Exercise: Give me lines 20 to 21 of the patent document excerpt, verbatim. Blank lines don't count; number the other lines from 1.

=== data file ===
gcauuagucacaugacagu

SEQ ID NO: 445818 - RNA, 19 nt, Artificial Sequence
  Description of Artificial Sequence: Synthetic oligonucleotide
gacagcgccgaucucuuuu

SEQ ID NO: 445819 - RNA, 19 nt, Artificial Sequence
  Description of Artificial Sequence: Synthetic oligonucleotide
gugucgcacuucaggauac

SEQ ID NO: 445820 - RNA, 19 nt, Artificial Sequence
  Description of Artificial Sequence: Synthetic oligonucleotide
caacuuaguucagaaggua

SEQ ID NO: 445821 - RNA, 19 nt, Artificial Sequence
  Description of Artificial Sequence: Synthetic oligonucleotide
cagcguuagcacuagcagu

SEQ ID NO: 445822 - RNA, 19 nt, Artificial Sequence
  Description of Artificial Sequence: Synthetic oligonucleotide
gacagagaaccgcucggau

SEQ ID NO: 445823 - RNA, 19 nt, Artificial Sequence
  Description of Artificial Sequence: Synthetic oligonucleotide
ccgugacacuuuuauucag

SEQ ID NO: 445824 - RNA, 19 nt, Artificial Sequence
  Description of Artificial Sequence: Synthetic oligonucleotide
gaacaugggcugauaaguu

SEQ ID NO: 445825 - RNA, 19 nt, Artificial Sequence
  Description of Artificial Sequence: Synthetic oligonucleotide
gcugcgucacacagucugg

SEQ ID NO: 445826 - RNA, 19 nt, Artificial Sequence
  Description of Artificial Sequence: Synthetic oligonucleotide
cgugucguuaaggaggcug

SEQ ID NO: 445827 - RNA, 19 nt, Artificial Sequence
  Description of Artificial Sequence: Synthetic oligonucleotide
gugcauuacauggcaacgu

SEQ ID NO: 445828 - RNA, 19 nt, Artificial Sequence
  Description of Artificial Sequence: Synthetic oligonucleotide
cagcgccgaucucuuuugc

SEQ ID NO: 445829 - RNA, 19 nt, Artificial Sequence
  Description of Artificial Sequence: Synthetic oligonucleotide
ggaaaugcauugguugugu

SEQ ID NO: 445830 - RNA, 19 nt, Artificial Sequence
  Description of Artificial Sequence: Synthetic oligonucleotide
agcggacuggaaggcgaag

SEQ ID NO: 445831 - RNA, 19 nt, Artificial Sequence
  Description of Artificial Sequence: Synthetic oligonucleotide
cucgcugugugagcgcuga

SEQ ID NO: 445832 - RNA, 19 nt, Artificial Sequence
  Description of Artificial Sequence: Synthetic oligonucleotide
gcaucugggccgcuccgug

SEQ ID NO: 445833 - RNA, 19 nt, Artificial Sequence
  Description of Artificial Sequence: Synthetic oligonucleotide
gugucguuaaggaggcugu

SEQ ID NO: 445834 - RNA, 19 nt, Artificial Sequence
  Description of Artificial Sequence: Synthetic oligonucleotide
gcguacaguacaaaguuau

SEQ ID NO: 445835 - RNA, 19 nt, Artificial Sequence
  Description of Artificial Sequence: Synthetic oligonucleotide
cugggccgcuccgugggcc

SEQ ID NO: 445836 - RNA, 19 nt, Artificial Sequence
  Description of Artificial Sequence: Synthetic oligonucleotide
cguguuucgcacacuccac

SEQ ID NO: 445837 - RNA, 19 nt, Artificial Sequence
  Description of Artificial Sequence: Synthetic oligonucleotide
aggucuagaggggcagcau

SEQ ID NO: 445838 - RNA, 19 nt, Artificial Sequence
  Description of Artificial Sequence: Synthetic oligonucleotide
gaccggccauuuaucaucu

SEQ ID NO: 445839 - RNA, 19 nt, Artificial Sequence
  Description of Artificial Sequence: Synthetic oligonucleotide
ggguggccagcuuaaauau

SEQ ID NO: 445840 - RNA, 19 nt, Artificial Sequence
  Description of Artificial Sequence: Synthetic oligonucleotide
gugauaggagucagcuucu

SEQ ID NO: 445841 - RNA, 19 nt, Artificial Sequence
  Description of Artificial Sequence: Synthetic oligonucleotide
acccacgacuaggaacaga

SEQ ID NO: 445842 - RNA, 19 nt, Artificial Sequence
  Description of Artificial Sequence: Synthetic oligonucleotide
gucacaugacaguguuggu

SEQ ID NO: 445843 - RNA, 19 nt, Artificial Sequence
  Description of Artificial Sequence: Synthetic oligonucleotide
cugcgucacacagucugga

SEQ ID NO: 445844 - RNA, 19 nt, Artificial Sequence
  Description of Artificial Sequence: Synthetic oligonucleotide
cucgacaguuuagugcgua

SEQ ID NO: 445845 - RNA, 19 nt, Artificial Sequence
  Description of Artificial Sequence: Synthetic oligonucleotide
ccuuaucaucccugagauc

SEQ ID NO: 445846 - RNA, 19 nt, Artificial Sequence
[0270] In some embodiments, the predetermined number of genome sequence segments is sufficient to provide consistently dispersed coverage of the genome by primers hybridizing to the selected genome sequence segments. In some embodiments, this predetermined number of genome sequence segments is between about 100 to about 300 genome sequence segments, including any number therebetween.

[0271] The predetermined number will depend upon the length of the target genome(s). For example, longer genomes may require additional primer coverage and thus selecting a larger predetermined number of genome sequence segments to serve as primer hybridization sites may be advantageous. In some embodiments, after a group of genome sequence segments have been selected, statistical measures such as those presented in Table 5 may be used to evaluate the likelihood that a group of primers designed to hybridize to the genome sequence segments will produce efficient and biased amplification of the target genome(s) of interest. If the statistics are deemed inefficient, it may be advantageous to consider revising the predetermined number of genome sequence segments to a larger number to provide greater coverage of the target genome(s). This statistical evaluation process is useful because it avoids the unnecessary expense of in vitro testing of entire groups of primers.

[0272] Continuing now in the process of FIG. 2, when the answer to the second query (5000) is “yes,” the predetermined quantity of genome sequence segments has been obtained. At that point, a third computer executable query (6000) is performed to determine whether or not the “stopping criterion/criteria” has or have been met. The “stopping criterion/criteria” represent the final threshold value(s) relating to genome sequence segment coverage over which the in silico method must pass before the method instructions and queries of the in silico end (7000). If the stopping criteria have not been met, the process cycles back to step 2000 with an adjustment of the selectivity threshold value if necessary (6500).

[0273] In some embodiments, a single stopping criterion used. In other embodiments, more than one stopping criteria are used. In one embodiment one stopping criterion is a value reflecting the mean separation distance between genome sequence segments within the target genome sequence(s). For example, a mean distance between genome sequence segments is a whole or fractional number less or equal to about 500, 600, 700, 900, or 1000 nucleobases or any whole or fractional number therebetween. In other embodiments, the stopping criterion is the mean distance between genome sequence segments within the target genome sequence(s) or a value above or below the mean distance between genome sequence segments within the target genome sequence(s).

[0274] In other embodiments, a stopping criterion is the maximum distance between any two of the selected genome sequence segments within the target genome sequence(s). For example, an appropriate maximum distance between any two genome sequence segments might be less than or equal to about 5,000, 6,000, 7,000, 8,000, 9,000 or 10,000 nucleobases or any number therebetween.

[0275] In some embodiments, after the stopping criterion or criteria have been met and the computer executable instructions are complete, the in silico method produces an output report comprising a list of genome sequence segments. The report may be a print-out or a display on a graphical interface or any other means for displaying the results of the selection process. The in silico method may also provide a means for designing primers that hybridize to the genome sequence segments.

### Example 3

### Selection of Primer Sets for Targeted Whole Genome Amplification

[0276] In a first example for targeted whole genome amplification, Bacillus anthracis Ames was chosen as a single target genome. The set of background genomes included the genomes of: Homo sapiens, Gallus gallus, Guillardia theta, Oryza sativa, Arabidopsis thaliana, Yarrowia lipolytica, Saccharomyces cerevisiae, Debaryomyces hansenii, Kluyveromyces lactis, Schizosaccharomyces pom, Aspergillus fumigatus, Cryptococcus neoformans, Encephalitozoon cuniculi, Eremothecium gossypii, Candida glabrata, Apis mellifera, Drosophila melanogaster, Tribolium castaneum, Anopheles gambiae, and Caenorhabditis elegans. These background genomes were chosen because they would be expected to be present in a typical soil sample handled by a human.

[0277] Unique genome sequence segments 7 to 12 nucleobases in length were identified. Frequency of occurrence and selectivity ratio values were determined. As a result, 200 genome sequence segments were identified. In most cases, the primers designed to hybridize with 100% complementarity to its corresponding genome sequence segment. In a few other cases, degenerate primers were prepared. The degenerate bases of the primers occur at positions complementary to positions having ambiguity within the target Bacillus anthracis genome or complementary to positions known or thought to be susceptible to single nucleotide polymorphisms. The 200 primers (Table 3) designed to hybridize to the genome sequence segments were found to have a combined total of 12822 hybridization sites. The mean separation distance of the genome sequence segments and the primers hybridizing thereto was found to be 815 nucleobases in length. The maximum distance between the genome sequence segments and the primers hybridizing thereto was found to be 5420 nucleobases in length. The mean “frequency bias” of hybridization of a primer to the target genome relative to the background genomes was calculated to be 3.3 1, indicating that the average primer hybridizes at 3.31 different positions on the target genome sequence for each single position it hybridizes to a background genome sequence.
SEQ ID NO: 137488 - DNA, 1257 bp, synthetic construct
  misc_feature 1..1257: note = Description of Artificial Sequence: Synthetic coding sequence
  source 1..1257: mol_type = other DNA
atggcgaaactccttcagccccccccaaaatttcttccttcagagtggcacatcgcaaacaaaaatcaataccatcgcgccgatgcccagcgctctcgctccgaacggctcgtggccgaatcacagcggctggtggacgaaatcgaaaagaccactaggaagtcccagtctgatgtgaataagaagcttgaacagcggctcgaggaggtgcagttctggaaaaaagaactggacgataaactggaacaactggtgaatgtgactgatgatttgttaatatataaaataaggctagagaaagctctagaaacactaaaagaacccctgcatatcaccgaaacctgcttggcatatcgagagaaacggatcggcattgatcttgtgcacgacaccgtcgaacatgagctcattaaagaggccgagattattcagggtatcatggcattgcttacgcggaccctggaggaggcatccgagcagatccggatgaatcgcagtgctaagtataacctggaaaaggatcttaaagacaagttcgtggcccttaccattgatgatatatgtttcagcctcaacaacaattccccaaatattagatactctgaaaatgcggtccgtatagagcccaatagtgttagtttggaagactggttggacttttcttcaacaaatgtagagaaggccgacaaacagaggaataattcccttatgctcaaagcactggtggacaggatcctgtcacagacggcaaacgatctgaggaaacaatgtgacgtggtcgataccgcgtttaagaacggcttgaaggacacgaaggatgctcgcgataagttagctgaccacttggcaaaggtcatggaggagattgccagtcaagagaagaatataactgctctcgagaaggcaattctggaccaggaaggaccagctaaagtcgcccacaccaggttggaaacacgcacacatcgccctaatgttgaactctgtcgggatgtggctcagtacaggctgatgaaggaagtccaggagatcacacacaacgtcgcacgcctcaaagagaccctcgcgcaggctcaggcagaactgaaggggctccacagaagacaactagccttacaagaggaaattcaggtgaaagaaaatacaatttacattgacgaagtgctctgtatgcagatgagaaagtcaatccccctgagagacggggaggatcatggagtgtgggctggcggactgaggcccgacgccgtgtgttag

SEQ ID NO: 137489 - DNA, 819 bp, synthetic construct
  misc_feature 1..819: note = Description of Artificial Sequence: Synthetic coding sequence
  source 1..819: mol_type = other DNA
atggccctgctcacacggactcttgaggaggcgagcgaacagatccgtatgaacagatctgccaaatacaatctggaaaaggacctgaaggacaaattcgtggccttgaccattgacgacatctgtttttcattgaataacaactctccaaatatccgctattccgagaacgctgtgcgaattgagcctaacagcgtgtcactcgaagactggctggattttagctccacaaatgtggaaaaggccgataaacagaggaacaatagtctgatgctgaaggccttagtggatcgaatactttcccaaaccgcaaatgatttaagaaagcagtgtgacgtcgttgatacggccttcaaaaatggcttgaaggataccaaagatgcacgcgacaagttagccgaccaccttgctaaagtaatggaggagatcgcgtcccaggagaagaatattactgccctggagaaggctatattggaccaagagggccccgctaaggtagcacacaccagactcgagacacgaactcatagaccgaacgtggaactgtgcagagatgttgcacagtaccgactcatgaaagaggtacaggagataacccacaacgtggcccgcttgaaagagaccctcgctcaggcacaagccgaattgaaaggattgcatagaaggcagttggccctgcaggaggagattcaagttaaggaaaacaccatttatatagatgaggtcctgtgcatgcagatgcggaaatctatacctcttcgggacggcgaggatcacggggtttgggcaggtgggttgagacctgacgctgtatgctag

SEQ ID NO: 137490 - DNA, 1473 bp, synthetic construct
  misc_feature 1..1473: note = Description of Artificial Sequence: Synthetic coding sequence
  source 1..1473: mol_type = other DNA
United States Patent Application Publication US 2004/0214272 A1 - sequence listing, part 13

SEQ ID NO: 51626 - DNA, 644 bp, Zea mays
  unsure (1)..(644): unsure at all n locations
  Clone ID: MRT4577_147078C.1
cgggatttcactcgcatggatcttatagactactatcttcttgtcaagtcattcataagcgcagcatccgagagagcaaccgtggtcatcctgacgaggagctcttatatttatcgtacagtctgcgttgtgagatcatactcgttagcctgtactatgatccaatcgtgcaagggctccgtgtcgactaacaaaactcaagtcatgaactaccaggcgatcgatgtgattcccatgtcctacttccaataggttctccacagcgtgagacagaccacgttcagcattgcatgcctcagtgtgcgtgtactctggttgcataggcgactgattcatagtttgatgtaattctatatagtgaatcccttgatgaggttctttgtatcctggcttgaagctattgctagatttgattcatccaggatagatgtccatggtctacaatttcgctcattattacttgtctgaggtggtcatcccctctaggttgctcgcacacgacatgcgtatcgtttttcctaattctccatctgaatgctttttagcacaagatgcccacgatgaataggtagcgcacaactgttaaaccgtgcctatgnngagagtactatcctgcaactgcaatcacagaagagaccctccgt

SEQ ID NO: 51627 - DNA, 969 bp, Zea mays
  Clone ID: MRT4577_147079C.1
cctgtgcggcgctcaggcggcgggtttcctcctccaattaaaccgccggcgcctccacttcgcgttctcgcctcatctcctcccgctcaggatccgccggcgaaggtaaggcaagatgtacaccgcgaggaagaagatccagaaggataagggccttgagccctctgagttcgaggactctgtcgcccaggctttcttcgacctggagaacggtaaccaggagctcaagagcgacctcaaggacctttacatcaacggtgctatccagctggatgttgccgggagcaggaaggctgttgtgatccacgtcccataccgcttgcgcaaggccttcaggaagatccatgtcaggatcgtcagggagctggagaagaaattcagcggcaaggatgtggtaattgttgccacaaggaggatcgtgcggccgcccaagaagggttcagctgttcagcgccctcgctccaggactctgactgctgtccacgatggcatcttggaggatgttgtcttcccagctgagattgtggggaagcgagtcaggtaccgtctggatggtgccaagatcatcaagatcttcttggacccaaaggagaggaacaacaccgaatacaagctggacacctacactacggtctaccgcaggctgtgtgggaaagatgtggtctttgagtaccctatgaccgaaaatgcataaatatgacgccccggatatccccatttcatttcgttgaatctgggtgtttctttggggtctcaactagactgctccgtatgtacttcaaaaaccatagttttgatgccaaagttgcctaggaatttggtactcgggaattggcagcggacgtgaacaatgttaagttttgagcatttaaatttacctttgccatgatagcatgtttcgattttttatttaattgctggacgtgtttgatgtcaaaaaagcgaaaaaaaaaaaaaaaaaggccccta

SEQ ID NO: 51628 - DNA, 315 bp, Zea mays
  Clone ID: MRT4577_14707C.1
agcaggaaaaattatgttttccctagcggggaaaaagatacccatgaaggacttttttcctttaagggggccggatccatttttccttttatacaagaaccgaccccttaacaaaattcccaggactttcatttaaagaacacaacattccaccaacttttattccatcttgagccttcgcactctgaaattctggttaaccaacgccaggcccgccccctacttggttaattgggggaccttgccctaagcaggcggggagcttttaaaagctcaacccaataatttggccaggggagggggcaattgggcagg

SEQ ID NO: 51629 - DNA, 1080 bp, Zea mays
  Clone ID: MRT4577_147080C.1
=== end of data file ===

SEQ ID NO: 445824 - RNA, 19 nt, Artificial Sequence
  Description of Artificial Sequence: Synthetic oligonucleotide